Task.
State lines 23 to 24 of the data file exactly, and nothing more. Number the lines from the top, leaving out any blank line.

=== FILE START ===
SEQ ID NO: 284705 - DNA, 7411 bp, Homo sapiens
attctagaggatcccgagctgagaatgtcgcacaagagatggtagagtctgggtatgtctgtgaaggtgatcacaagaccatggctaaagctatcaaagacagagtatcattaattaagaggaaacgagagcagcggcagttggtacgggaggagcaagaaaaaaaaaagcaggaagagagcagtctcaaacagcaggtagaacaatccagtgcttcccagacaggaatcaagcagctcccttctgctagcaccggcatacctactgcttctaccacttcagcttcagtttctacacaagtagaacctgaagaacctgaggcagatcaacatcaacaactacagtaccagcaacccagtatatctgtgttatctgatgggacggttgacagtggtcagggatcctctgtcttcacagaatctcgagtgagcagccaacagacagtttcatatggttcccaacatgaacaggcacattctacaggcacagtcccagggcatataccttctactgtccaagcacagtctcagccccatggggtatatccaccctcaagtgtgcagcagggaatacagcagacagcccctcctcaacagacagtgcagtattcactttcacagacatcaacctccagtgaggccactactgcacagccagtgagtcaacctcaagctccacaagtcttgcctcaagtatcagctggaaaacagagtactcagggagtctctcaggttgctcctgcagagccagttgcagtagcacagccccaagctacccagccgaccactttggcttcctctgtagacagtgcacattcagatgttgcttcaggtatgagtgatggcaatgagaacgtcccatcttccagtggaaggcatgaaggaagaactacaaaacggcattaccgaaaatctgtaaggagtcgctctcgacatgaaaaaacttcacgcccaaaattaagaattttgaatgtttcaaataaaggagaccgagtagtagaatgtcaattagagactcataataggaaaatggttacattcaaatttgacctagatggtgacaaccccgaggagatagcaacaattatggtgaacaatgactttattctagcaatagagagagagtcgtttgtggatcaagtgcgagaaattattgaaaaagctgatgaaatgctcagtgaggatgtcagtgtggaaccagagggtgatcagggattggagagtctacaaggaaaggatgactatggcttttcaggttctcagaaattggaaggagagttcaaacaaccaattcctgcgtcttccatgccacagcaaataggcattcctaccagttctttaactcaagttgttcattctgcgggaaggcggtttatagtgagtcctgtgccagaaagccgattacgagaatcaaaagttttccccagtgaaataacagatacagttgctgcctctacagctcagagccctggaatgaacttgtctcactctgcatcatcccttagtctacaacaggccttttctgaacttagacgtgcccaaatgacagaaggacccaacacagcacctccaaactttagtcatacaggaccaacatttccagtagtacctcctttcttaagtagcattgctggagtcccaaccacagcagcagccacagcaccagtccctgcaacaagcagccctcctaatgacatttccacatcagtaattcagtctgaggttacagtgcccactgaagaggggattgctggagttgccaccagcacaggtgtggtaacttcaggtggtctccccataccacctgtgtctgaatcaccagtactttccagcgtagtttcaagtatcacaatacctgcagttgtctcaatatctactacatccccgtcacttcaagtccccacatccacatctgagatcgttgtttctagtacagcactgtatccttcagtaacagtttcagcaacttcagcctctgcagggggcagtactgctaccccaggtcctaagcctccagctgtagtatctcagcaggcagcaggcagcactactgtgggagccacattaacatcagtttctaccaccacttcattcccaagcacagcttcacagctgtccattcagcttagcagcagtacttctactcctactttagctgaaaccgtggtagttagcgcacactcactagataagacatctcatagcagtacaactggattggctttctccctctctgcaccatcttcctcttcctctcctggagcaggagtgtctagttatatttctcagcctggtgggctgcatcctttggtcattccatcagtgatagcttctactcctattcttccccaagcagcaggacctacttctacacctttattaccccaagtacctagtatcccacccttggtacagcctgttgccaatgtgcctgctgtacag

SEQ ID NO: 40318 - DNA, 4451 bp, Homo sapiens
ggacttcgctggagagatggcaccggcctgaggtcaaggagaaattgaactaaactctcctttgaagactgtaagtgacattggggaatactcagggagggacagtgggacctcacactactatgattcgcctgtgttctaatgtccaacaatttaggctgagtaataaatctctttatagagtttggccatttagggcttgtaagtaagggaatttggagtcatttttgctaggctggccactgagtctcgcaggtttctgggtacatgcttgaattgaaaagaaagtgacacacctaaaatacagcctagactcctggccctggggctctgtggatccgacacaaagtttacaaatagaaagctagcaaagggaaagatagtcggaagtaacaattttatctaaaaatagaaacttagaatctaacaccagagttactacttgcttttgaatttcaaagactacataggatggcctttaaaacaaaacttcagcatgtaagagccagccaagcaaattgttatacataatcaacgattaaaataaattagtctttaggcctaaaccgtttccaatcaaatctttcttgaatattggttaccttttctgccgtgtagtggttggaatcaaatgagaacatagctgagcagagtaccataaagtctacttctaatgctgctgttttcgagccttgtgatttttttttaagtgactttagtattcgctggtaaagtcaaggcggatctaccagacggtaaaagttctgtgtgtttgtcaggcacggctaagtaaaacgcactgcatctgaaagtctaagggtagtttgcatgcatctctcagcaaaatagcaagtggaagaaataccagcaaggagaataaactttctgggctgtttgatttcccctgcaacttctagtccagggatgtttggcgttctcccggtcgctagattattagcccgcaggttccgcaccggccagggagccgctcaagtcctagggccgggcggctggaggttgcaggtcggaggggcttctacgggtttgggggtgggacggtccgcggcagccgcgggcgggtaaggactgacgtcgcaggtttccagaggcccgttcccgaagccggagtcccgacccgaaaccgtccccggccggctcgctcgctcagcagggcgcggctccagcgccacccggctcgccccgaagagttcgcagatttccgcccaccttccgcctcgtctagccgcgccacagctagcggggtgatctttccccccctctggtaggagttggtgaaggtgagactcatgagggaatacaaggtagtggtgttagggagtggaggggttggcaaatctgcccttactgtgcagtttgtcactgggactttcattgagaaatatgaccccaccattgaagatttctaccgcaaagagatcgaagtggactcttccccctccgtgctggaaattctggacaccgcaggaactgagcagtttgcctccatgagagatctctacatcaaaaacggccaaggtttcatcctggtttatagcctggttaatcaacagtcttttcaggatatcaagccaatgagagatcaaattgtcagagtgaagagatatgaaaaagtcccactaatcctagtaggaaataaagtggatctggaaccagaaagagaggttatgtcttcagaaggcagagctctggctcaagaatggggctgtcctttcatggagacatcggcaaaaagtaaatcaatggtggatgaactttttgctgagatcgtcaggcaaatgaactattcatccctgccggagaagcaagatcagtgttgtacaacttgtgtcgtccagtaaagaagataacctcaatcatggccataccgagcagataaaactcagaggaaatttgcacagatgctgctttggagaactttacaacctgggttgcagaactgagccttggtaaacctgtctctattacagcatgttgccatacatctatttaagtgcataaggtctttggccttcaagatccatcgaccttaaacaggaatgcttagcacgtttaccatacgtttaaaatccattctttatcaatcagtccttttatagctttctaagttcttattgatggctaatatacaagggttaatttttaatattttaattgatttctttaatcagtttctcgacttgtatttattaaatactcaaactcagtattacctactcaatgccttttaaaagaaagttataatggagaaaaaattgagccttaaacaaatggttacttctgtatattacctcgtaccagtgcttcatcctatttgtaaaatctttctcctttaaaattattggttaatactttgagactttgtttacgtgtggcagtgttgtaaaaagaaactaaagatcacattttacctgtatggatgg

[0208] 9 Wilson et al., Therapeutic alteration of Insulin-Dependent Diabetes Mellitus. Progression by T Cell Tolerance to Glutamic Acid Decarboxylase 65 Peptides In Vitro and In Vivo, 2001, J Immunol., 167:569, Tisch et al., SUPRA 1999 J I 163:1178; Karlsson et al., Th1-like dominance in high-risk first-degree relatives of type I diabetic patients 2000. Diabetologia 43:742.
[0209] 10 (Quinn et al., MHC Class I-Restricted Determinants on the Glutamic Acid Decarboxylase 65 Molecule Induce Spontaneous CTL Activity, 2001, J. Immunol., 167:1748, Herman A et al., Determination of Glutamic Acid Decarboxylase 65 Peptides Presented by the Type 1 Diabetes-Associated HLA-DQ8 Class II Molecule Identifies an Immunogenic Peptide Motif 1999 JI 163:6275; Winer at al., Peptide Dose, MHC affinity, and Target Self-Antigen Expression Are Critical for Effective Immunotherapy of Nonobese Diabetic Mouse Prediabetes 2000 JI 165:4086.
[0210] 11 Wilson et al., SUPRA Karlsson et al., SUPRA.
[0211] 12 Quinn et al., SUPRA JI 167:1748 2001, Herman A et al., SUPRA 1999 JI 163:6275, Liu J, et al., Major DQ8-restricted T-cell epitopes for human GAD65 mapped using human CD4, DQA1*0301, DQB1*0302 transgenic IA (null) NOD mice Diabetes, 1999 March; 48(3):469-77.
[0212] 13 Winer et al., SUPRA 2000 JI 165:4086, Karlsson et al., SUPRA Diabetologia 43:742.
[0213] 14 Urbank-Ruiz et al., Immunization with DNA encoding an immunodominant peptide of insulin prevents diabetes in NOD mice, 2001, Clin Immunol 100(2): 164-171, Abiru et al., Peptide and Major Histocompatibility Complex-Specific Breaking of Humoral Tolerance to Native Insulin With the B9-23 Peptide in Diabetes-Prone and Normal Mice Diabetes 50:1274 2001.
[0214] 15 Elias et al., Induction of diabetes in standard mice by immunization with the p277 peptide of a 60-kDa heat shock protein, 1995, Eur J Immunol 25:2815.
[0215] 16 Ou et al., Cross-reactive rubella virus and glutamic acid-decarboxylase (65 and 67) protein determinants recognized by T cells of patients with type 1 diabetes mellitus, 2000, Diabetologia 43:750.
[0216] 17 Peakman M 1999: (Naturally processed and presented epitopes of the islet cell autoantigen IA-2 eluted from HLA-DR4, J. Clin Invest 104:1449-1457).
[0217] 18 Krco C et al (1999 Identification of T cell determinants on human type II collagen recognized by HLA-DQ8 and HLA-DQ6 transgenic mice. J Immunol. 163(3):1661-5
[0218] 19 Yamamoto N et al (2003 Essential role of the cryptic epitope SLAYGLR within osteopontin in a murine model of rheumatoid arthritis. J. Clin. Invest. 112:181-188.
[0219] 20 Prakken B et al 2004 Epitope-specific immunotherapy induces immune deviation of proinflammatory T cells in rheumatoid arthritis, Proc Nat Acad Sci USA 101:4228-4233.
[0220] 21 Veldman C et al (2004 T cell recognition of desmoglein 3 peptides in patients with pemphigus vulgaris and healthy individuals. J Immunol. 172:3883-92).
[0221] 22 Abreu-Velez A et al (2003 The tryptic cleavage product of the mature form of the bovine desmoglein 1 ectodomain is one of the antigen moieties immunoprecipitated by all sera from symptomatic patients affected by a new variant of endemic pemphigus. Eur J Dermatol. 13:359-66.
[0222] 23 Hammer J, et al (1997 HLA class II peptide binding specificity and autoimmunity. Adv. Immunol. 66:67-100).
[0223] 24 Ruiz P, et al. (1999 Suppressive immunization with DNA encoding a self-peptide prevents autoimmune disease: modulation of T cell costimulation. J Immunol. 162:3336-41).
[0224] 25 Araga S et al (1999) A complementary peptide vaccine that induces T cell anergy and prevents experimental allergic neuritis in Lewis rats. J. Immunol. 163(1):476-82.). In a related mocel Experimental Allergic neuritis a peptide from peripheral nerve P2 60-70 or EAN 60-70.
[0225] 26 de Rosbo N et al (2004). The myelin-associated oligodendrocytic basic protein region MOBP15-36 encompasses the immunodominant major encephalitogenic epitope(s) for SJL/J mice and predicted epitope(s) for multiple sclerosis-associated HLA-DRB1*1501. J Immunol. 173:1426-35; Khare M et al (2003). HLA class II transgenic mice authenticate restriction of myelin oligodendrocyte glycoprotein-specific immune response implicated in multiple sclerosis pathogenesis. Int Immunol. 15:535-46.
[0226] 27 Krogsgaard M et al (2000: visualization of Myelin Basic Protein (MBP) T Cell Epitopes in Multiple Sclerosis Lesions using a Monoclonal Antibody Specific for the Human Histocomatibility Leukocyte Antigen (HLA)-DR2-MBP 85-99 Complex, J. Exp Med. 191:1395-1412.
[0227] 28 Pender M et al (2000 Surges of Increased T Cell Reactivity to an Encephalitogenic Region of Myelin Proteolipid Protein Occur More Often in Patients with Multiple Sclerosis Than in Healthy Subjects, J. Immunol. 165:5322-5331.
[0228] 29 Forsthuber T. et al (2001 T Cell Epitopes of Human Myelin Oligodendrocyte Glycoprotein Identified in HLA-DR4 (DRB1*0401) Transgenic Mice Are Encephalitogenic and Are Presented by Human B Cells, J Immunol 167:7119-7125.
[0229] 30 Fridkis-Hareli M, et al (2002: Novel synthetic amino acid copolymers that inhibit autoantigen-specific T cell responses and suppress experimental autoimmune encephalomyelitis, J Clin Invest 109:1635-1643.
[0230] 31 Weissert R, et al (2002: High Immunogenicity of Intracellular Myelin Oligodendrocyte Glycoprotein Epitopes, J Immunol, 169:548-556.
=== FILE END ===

[0226] 27 Krogsgaard M et al (2000: visualization of Myelin Basic Protein (MBP) T Cell Epitopes in Multiple Sclerosis Lesions using a Monoclonal Antibody Specific for the Human Histocomatibility Leukocyte Antigen (HLA)-DR2-MBP 85-99 Complex, J. Exp Med. 191:1395-1412.
[0227] 28 Pender M et al (2000 Surges of Increased T Cell Reactivity to an Encephalitogenic Region of Myelin Proteolipid Protein Occur More Often in Patients with Multiple Sclerosis Than in Healthy Subjects, J. Immunol. 165:5322-5331.